Applications of Benzaldehyde

Jun. 24, 2021

In a study on benzaldehyde from bitter almond oil, Ruff et al. (2000) showed that the natural molecule could easily be distinguished from its synthetic counterpart by using gas chromatography-pyrolysis-IRMS (GC-P-IRMS). The δ2H values of benzaldehyde from natural sources (cassia, bitter almond oil, kernels, fruits, or leaves) ranged from − 83‰ to − 189‰, whereas the benzaldehyde synthesized from toluene ranged from + 420‰ to + 668‰. More problematic was benzaldehyde synthesized from benzal chloride, which showed values ranging from − 78‰ to − 85‰. Semisynthetic sources produced from cinnamic aldehyde (from cassia oil) also felled in the range of natural benzaldehyde (δ2H = − 136‰). Next, the benzaldehyde supplier will share the following content with you.

 

As the production of natural vanilla beans does not cover the global demand of food manufacturers for vanilla, there is widespread use of synthetic vanilla aroma. Fully synthetic vanilla shows isotope ratios that fall relatively far away from the natural molecule that makes their identification easy. However, new sources have been developed by semisynthesis from natural precursors, for example, lignin from the paper industry, eugenol from cloves, and ferulic acid from rice bran. In order to distinguish the natural vanillin from its semisynthetic equivalents, vanilla was isolated and converted into guaiacol on which δ13C and δ18O enrichments were determined and compared with guaiacol from semisynthetic and synthetic sources (Bensaid et al., 2002).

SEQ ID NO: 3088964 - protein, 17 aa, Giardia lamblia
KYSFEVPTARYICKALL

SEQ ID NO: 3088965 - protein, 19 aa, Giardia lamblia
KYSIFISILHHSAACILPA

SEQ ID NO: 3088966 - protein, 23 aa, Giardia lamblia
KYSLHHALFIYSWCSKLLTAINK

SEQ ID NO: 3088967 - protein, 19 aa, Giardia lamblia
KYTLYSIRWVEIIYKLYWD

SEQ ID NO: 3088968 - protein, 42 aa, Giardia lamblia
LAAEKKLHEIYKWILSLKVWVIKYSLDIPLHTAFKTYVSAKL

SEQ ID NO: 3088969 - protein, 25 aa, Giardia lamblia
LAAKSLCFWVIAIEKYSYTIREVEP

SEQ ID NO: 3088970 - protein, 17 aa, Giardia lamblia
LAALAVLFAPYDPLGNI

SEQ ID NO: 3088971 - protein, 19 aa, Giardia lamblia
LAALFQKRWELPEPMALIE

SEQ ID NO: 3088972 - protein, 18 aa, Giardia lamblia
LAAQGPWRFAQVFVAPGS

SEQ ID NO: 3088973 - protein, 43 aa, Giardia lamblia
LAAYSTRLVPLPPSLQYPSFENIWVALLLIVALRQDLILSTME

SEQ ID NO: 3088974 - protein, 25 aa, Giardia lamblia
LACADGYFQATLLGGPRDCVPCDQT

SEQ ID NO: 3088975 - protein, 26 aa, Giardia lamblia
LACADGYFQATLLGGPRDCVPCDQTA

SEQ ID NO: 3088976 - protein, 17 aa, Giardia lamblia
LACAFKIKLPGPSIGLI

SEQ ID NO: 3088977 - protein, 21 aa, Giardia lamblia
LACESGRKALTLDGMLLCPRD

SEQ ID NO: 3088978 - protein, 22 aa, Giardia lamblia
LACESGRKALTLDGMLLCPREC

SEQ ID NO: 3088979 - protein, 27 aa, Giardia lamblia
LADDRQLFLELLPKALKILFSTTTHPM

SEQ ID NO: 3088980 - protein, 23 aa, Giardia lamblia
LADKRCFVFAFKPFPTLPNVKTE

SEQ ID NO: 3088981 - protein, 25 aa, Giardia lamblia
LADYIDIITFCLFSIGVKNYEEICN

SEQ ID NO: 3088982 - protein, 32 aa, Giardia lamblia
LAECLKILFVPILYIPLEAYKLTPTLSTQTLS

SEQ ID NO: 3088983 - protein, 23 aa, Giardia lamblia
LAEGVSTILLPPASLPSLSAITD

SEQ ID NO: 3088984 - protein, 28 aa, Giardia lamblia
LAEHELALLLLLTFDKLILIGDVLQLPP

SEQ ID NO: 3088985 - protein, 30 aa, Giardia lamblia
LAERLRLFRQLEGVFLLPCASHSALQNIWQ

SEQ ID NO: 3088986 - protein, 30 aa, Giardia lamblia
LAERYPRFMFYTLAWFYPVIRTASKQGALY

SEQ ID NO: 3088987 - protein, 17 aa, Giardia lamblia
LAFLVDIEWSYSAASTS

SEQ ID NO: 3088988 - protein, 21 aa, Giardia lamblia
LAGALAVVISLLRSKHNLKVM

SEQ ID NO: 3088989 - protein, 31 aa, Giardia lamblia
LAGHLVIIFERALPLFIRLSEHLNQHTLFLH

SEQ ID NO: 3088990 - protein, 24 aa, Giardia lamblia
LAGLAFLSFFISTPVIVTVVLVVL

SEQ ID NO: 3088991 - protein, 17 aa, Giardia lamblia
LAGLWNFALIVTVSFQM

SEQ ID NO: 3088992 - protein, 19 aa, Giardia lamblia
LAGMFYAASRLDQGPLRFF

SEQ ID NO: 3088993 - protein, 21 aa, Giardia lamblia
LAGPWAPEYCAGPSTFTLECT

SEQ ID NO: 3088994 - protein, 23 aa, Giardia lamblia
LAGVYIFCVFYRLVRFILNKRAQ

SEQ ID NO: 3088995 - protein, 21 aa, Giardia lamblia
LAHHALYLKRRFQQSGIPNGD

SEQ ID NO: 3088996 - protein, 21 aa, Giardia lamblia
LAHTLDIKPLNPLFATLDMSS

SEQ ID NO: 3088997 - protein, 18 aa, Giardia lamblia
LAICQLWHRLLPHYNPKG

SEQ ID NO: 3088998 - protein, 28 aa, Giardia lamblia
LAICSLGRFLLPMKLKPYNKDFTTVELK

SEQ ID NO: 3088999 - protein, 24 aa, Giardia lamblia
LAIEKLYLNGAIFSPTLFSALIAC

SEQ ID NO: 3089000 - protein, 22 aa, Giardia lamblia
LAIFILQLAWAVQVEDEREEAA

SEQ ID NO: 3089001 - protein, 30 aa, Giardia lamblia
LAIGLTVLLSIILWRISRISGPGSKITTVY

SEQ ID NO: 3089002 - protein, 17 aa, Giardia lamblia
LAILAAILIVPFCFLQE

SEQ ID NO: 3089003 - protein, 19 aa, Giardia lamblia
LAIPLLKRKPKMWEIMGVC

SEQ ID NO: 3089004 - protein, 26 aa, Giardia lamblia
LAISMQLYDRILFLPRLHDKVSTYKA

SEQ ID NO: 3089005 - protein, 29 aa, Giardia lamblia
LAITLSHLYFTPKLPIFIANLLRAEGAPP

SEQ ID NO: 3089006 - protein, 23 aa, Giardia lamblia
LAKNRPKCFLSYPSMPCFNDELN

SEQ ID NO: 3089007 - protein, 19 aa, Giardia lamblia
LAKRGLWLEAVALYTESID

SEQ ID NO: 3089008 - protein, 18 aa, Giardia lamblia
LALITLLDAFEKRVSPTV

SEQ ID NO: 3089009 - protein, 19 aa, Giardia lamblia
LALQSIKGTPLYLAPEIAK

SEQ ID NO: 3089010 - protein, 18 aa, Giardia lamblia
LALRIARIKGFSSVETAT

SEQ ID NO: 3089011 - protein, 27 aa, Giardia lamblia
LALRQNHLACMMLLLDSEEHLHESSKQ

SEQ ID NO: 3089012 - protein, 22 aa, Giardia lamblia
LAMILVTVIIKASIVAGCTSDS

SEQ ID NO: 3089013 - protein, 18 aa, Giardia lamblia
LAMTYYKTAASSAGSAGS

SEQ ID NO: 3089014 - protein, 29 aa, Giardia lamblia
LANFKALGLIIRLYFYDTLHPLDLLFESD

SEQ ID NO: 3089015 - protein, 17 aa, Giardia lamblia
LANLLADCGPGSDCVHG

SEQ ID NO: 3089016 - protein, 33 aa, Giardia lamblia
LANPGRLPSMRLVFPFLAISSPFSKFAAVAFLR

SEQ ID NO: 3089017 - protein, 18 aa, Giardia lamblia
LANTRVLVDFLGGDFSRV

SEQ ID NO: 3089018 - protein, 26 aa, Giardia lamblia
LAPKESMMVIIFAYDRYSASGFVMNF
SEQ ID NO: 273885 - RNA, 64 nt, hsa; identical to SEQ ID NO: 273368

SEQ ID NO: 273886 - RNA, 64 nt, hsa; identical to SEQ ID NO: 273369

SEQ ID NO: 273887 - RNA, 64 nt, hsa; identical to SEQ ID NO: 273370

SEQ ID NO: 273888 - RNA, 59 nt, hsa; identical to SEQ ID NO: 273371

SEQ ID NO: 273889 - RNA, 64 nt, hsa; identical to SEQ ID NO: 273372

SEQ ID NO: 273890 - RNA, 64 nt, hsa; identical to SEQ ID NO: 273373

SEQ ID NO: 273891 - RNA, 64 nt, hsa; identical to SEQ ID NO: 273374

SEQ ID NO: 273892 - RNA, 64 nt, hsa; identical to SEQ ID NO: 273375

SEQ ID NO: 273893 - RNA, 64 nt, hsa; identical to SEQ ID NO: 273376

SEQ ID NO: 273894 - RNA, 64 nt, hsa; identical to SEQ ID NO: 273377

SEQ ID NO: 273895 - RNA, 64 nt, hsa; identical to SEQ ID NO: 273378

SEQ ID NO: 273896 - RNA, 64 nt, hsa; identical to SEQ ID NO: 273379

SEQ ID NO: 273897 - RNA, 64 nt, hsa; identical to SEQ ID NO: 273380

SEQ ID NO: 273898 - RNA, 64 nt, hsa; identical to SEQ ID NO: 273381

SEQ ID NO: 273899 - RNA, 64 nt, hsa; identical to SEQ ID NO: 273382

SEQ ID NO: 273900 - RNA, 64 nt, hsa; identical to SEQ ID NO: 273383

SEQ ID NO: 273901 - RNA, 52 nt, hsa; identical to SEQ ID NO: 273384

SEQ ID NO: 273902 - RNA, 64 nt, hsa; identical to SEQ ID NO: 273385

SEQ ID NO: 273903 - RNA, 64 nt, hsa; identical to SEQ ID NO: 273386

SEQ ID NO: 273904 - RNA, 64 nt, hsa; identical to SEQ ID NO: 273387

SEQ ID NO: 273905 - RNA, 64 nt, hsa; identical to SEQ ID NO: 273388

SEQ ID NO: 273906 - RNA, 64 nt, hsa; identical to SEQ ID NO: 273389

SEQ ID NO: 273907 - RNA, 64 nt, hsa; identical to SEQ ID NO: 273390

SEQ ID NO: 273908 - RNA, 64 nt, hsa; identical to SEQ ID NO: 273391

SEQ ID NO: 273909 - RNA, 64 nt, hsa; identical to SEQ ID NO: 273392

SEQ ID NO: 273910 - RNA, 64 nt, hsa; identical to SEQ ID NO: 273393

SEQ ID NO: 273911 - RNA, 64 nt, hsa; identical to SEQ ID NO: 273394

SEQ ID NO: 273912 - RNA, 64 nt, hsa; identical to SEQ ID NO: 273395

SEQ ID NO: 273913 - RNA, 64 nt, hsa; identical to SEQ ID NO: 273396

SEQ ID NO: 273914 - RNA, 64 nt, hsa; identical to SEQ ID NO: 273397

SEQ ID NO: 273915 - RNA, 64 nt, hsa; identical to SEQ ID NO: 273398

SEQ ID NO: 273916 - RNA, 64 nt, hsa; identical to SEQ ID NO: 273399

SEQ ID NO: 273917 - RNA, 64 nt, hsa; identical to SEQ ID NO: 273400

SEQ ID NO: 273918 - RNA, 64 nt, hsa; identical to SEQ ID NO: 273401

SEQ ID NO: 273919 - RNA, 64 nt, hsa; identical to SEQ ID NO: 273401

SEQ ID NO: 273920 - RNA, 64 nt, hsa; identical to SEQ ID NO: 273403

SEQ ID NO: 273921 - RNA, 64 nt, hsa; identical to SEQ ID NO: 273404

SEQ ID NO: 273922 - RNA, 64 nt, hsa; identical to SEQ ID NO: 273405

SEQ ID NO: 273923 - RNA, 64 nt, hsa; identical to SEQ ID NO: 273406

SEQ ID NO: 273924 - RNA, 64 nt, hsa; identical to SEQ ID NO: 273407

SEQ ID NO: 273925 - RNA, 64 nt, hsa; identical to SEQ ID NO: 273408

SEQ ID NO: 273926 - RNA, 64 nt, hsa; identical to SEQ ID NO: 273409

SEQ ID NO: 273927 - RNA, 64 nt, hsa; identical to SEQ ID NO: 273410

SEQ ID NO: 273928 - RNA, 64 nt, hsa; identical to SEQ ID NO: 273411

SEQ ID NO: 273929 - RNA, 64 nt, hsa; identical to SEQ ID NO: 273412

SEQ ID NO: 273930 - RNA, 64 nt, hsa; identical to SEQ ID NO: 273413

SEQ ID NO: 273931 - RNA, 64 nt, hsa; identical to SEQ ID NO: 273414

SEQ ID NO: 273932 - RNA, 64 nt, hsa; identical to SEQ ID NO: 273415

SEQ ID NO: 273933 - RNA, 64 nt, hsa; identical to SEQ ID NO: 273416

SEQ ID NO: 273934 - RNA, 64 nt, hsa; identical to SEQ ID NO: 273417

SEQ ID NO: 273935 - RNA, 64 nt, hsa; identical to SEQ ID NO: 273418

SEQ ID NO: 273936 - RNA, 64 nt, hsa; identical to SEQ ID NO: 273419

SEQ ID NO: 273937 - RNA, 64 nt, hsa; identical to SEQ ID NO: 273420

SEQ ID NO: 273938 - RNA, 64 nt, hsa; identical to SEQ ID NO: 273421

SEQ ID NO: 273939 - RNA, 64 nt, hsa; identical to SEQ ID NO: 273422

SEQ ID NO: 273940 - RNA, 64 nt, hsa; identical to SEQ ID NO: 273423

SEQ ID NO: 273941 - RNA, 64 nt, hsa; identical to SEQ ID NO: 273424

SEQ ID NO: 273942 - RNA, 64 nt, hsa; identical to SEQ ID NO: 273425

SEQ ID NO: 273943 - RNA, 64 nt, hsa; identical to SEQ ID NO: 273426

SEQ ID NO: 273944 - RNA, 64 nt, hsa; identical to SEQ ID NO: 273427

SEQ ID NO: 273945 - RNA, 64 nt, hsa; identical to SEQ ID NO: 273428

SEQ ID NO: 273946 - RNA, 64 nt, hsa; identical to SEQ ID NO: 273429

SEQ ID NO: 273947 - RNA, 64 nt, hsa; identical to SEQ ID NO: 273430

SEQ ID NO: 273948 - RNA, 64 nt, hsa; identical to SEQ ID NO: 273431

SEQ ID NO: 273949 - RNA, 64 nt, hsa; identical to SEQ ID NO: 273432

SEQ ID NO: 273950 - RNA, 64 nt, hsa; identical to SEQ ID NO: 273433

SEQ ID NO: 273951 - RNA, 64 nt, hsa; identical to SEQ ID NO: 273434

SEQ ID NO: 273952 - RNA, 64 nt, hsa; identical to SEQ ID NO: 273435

Benzaldehyde

 Benzaldehyde

Acids and aldehydes

Among the aldehydes, benzaldehyde (almond aroma) and vanillin are the most important and widely used by the food industry. Benzaldehyde is used in aroma compositions due to its bitter almond odor and is applied as a starting material for a large number of aliphatic fragrance and flavor materials. It possesses a sweet, floral, and spice-like odor (Burdock and Fenaroli 2010). It naturally occurs in many products such as bitter almonds, peach, apricot kernel, cheeses, and black tea (Surburg and Panten 2006). This compound can be obtained in natural form, by extraction and distillation from botanical sources, or synthesized from benzyl chloride.

 

Natural benzaldehyde, generally extracted from fruit kernels such as apricots, is used as an ingredient in cherry and other natural fruit flavors and has a market of ~20 tons per year and a price of approximately EUR 240 per kg. Benzaldehyde obtained from natural cinnamaldehyde can be purchased for EUR 100 per kg with an estimated market of more than 100 tons per year (Feron and Waché 2006). The screening of several white-rot fungi has shown that numerous species are able to synthesize benzaldehyde through de novo, such as Pleurotus sapidus, Polyporus sp. and others (Lomascolo et al. 1999). Berger et al. (1987) studied the formation of a methoxy benzaldehyde in Ischnoderma benzoicum.

 

Methylbutyric acid can be naturally found in the composition of several oils, such as peppermint and spearmint, and fruits (e.g. apricot, apple, grapes, papaya, and pineapple). This acid has an aroma threshold between 10 to 60 ppb, with notes of fermented pineapple fruity and lingonberry (Burdock and Fenaroli 2010). It was reported that Acetobacter strains are able to synthesize methyl butyric acid. Besides its industrial relevance as a flavor, this acid can be a valuable precursor of common flavor esters (Vandamme and Soetart 2002).


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